Showing Love—On a Bus?

I can get into the most intriguing conversations with people I meet, at a moment’s notice. My family rolls their (collective) eyes, sighs, and says, “Oh, Mom.” (Or simply sighs, in my husband’s case.)

I took the opportunity of a day off from work to go to the YMCA this morning, after bringing my son to school. I went into the women’s locker room to change into my workout clothes. Many of the same people were there, the usual denizens of the gym and the pool on a typical weekday morning. I took my time to change, relishing the extra time I had at my disposal.

A woman I had met a number of times before bustled up to a locker near me. We hadn’t seen each other for some days. After we said hello, she was reminded—internally—of the blog I’ve been writing. (Yes, this blog.) She turned to me as she changed and asked how the blog was going. “Fine!” I said, with a smile. She is involved with a non profit organization that assists women and children, and she wanted more information about the blog. So that some of the women could post suggestions about acts of kindness they are familiar with. I said that would be great, and thanked her so much! We talked a bit about how people could contact me. (Reminder: anyone can always contact me at the Facebook page A Year of Being Kind, or through my Twitter account @chaplaineliza, or through wordpress.com—just in case anyone was wondering.)

Another woman, a few lockers down, happened to be listening to us as we spoke about intentional acts of kindness and service. My friend went off to the gym upstairs as I began to talk to the second, older woman. She apologized for eavesdropping on my conversation, but I told her that was perfectly all right. Introduced myself, and the two of us immediately engaged in conversation, also! She told me about an act of service that instantly came to her mind, as soon as she heard about people being kind. “Giving people a smile. Just that simple action can help so much.”

I agreed, and told her about my smile (and I showed it to her, too—my smile just-sort-of happens, you understand). She smiled back, and we exchanged a few words about smiles. But then she went back to her story. She used to ride the bus here in our suburb to work. A bus driver on the route greeted everyone who got on his bus with a big smile, friendly and cheerful. As the woman told me about this driver, she obviously remembered him with fondness. A big smile came across her face. “I used to tell him that his bus ought to be called ‘the Happy Bus.’”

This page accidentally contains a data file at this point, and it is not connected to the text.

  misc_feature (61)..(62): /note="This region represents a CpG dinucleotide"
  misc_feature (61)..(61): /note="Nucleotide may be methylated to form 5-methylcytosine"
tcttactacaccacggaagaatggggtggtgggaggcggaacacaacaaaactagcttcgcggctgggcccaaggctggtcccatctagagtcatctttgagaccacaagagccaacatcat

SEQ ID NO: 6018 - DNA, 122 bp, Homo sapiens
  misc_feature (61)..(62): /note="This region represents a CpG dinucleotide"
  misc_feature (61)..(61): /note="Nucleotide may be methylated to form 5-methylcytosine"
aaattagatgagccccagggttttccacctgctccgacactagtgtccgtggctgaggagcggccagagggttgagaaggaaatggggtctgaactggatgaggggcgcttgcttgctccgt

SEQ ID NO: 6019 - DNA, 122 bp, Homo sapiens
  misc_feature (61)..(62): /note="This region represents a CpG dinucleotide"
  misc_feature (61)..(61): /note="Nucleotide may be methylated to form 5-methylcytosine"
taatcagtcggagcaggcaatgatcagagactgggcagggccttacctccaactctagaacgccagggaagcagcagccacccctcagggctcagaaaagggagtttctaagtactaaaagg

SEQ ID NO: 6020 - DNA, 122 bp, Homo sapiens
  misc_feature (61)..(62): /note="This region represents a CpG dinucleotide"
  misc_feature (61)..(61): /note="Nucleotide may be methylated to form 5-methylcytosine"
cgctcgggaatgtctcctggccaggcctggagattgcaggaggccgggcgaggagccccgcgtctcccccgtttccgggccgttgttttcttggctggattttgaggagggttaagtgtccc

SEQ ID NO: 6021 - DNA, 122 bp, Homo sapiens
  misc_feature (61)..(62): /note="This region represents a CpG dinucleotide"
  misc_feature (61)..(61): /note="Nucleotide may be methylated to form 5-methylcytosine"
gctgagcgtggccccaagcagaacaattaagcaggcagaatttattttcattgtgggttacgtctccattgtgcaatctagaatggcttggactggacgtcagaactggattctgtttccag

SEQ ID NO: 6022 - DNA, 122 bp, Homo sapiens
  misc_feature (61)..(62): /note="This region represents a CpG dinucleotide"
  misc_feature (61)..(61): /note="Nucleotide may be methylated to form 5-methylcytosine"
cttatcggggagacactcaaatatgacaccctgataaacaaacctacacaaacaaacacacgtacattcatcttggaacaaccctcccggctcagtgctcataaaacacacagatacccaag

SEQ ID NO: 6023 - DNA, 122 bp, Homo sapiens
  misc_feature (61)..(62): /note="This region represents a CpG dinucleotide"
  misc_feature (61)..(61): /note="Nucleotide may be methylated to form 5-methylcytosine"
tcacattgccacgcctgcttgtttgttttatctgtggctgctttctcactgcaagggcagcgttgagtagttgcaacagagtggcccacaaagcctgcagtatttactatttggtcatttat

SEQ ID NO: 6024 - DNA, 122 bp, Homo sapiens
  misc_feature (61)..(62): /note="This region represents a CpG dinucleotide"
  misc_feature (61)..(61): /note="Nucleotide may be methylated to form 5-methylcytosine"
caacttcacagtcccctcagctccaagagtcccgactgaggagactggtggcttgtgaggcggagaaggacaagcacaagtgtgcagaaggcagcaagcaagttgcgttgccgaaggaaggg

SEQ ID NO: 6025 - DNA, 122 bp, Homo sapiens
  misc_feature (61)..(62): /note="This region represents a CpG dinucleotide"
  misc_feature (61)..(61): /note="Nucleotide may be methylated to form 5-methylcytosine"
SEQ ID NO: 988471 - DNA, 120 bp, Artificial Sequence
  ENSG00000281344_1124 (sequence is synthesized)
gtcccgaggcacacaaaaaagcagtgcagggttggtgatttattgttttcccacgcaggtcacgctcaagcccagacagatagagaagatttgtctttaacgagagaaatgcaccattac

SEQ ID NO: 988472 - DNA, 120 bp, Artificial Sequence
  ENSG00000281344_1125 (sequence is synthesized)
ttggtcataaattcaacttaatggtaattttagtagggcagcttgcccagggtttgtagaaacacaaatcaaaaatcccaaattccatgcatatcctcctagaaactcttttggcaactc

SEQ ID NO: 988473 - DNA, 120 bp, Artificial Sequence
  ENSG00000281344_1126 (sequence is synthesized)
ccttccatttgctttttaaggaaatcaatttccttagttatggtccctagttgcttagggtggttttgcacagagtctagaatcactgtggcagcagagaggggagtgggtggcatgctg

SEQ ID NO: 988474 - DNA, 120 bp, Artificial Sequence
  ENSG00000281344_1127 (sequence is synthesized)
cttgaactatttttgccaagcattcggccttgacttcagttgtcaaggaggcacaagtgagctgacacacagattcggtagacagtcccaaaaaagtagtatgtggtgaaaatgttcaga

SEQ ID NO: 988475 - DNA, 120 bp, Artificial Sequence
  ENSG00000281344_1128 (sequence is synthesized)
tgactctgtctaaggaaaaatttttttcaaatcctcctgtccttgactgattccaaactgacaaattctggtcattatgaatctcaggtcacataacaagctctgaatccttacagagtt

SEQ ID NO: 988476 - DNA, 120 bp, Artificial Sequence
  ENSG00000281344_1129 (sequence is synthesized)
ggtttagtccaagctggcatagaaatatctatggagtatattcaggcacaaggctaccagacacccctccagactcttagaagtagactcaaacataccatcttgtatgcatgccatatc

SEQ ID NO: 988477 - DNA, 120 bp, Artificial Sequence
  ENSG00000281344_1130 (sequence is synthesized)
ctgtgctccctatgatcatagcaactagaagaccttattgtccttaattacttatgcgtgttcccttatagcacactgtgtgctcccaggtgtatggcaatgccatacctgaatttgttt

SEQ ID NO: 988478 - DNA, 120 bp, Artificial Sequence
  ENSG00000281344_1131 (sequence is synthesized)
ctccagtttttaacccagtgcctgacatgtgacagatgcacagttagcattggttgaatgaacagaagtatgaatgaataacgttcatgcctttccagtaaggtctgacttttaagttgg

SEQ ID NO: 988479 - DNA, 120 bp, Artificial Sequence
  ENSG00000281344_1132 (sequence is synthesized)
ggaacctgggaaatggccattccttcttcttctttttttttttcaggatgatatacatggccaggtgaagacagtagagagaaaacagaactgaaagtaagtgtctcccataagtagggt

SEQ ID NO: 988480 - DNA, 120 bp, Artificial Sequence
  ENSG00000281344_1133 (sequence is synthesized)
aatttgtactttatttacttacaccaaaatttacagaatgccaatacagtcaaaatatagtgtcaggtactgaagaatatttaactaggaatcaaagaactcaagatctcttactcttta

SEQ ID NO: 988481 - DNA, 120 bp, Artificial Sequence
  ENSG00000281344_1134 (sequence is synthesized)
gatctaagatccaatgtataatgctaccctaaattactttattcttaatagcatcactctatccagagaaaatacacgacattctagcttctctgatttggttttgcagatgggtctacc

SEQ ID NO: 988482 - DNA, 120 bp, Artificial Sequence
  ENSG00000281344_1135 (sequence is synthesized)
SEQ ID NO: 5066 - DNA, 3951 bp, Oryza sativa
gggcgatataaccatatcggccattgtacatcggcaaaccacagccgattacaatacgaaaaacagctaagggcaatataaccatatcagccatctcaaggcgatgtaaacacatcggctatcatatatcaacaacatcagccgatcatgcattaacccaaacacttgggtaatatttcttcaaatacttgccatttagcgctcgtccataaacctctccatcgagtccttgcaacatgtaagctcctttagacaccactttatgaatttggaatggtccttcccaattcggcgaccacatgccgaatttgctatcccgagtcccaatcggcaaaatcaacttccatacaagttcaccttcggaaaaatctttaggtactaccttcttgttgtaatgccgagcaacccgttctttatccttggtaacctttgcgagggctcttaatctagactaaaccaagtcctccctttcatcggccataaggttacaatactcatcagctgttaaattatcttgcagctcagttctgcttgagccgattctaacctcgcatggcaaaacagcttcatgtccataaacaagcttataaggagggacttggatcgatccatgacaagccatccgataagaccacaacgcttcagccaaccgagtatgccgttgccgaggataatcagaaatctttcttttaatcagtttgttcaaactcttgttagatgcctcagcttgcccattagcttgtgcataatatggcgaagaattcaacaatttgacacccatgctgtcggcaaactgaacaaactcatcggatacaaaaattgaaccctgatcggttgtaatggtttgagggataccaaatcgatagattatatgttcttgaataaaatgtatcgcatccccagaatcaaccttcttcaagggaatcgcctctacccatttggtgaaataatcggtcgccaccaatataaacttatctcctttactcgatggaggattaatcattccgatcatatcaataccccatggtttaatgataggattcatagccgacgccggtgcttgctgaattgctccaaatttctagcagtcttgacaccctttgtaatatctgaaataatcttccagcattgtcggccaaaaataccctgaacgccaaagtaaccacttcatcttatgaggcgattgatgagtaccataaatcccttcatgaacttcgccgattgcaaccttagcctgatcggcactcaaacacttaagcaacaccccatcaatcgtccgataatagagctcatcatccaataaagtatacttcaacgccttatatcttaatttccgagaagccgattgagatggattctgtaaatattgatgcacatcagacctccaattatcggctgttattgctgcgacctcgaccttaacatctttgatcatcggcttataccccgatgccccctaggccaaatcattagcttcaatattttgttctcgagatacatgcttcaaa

What a happy memory! And what a kind thing to do. A smile and a positive attitude may seem to be little things, but they can brighten a person’s day. They changed this woman’s day, this morning, just remembering. Thank God for small things—like smiles.

@chaplaineliza

Buying A Street Newspaper, Kindly

A Year of Being Kind blog – Thursday, January 30, 2014

newspaper vendor Lucy Dickens

newspaper vendor
Lucy Dickens

Buying A Street Newspaper, Kindly

It has been cold in the past number of days. And I mean, freezing cold. As in polar-vortex-cold. Too cold for people to safely stand outside for more than a minute or two.

At a grocery store not too far from my apartment, a street newspaper vendor has his territory marked out. Recently, the grocery store has been kind enough to allow him to stand just inside the outside doors, out of the bitter cold. (Immediately adjacent to where the shopping carts live.) Some kind of warmth comes from the inside of the store. It’s not quite toasty warm, since there aren’t any direct heat vents or other heat sources on the floor-to-ceiling window walls. But as I mentioned before, at least it’s not as freezing as being outside.